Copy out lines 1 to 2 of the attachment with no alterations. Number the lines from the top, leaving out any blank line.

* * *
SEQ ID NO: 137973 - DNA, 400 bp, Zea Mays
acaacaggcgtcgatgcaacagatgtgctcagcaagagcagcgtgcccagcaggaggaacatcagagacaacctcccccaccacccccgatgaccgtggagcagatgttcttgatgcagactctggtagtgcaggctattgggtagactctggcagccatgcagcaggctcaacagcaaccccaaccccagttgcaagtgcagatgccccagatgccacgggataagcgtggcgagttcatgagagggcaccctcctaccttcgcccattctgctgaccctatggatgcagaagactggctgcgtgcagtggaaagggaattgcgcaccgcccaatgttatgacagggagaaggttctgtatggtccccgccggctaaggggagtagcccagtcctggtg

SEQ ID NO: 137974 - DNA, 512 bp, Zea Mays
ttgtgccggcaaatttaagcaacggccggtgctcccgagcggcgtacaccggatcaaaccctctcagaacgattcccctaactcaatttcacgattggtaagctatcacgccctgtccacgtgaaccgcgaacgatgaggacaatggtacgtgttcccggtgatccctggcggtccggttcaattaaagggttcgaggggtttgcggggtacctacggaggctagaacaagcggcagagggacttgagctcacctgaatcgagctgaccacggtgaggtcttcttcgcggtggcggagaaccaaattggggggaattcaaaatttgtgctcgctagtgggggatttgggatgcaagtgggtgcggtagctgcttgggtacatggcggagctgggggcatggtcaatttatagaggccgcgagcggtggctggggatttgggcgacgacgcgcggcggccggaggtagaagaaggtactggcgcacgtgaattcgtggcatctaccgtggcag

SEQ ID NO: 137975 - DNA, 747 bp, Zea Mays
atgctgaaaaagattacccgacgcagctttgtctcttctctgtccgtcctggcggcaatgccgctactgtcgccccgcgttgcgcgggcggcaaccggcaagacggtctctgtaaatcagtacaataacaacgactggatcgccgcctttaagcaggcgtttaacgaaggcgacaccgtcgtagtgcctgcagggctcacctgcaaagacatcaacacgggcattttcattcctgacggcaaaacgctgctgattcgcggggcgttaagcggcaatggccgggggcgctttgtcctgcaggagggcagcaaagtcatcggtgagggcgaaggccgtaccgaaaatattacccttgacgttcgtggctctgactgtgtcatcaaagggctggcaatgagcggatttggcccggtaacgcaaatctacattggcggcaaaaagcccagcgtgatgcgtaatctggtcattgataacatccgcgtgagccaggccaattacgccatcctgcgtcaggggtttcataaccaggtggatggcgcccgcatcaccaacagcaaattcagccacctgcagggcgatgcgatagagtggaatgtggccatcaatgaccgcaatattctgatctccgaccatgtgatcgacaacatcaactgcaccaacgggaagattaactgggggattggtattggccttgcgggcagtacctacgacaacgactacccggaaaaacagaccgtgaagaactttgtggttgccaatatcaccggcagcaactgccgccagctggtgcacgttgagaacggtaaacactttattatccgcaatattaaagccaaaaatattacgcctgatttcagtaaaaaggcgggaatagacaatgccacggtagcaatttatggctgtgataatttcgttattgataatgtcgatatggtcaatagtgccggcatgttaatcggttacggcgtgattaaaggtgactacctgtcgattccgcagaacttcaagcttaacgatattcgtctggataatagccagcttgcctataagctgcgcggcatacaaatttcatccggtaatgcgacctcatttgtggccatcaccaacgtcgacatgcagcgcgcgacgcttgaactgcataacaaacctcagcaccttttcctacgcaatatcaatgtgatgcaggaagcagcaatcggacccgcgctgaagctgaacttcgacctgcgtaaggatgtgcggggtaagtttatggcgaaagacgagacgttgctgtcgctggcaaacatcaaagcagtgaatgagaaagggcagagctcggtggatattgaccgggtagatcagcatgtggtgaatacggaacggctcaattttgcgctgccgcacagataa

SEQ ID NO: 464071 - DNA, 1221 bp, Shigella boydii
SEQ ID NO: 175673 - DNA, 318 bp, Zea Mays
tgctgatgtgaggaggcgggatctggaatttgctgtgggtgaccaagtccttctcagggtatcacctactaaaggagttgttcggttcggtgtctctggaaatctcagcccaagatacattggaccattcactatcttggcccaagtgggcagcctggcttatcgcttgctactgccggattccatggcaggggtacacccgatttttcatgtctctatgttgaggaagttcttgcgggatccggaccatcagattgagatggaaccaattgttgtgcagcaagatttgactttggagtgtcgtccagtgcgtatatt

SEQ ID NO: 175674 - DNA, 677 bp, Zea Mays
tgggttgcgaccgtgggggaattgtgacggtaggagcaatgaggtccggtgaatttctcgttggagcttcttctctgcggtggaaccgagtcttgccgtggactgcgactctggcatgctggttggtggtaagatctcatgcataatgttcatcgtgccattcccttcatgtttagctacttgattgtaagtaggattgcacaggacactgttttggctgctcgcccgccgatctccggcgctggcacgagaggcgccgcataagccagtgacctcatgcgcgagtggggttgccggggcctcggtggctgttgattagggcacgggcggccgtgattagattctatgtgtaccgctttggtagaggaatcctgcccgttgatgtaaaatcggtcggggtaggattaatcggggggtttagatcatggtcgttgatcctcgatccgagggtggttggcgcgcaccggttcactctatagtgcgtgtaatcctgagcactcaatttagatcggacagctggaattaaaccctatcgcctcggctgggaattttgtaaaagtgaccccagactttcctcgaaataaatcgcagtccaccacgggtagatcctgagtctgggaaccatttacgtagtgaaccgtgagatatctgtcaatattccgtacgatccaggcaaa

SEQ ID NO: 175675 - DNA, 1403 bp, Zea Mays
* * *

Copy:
SEQ ID NO: 137973 - DNA, 400 bp, Zea Mays
acaacaggcgtcgatgcaacagatgtgctcagcaagagcagcgtgcccagcaggaggaacatcagagacaacctcccccaccacccccgatgaccgtggagcagatgttcttgatgcagactctggtagtgcaggctattgggtagactctggcagccatgcagcaggctcaacagcaaccccaaccccagttgcaagtgcagatgccccagatgccacgggataagcgtggcgagttcatgagagggcaccctcctaccttcgcccattctgctgaccctatggatgcagaagactggctgcgtgcagtggaaagggaattgcgcaccgcccaatgttatgacagggagaaggttctgtatggtccccgccggctaaggggagtagcccagtcctggtg